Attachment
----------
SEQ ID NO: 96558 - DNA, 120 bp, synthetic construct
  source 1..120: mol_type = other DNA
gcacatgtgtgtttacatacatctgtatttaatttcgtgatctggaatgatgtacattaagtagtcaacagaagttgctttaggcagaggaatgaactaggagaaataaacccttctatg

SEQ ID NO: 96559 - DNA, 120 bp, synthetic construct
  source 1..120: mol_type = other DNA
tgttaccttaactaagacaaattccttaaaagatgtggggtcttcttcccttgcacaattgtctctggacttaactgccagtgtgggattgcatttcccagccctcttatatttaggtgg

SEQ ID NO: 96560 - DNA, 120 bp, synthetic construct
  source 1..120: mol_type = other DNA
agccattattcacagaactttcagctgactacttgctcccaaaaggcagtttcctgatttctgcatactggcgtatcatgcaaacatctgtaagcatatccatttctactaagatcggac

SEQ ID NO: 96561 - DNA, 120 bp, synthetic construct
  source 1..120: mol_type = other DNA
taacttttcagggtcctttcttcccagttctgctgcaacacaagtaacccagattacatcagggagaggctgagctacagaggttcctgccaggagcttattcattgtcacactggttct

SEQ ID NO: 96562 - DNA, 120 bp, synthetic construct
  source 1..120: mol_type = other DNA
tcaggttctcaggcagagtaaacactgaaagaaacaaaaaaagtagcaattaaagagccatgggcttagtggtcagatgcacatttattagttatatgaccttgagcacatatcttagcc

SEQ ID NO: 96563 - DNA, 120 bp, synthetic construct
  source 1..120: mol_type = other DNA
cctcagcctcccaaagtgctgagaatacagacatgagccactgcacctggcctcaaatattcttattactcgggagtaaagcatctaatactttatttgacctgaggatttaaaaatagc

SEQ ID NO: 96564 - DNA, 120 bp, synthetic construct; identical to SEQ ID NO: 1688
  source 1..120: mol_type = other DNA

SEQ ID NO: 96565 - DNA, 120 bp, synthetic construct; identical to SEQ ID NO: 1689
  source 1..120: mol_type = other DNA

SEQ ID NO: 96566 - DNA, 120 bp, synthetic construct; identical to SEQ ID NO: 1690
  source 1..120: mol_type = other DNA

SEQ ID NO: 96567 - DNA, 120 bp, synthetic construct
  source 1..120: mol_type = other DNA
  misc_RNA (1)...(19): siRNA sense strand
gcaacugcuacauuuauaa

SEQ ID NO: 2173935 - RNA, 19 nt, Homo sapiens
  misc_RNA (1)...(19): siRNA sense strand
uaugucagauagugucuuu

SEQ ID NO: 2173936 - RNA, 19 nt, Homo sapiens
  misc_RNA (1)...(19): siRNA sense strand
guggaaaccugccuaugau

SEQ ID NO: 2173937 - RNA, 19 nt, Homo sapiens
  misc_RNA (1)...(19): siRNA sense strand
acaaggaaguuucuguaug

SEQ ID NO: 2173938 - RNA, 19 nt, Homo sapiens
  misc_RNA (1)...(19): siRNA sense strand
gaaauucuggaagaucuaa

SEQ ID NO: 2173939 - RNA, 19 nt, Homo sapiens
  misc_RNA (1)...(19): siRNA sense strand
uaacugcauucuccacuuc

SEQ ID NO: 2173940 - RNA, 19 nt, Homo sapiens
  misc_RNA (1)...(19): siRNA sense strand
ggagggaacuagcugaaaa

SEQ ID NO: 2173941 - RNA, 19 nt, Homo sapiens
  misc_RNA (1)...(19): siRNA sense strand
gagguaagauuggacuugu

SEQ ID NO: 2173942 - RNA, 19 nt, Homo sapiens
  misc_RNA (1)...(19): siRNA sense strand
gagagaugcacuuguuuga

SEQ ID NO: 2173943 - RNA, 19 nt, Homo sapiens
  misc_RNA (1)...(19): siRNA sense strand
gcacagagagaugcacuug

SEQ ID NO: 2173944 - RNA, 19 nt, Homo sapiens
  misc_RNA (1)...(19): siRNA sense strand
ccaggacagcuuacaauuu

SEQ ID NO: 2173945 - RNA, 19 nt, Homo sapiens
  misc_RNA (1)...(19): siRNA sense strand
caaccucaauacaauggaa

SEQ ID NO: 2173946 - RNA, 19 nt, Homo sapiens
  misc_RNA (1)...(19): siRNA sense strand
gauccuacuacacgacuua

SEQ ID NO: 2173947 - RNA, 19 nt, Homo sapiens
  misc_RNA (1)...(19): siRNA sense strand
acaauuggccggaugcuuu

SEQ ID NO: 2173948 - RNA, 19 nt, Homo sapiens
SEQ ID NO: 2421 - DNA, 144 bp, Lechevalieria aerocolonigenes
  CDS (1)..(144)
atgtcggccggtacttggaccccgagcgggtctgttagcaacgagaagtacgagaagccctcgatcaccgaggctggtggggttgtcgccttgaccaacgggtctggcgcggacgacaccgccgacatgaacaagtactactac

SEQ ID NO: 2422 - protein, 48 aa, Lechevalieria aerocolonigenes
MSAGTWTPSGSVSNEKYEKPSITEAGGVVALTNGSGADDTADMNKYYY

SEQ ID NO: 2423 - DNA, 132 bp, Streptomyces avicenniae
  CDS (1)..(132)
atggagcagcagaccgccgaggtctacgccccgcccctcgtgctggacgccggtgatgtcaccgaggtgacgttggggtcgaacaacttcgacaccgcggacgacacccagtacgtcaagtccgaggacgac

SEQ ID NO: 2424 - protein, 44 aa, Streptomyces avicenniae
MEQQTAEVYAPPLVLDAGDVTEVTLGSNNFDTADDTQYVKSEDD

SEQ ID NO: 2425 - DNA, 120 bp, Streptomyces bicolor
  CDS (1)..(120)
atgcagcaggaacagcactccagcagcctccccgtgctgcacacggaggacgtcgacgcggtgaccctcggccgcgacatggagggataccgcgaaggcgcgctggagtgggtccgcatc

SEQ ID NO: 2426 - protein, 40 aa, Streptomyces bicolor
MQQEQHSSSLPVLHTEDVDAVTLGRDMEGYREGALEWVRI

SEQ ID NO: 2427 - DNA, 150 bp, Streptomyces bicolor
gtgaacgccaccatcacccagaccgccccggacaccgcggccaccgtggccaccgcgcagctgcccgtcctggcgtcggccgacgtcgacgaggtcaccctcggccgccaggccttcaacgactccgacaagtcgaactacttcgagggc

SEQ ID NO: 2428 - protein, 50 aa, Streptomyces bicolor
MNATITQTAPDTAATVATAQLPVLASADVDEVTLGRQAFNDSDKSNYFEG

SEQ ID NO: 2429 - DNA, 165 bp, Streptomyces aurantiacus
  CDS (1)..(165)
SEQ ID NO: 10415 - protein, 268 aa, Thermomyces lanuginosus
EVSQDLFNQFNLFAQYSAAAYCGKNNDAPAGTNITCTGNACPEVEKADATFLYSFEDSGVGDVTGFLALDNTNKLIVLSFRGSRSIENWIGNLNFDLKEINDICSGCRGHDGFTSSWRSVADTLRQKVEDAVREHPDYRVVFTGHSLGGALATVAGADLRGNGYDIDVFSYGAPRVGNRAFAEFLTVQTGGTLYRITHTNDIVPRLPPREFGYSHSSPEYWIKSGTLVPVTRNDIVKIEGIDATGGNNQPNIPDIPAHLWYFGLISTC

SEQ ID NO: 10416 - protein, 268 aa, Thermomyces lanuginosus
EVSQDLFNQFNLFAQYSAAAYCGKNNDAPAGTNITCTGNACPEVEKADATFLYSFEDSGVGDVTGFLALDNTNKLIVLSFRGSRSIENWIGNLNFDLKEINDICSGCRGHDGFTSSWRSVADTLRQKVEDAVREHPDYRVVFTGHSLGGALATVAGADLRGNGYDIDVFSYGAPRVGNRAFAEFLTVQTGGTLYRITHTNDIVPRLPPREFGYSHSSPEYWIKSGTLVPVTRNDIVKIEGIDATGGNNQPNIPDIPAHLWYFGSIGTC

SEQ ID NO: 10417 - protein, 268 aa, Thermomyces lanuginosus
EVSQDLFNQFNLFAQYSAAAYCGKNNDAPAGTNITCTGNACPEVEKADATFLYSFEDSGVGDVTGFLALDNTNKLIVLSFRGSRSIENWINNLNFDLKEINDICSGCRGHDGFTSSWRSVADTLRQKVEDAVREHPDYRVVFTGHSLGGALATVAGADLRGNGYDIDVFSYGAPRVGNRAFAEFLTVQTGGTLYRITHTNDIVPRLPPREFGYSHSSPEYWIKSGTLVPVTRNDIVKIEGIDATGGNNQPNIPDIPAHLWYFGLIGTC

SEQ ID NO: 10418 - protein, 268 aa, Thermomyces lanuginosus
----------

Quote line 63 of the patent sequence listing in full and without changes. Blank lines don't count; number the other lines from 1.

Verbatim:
  misc_RNA (1)...(19): siRNA sense strand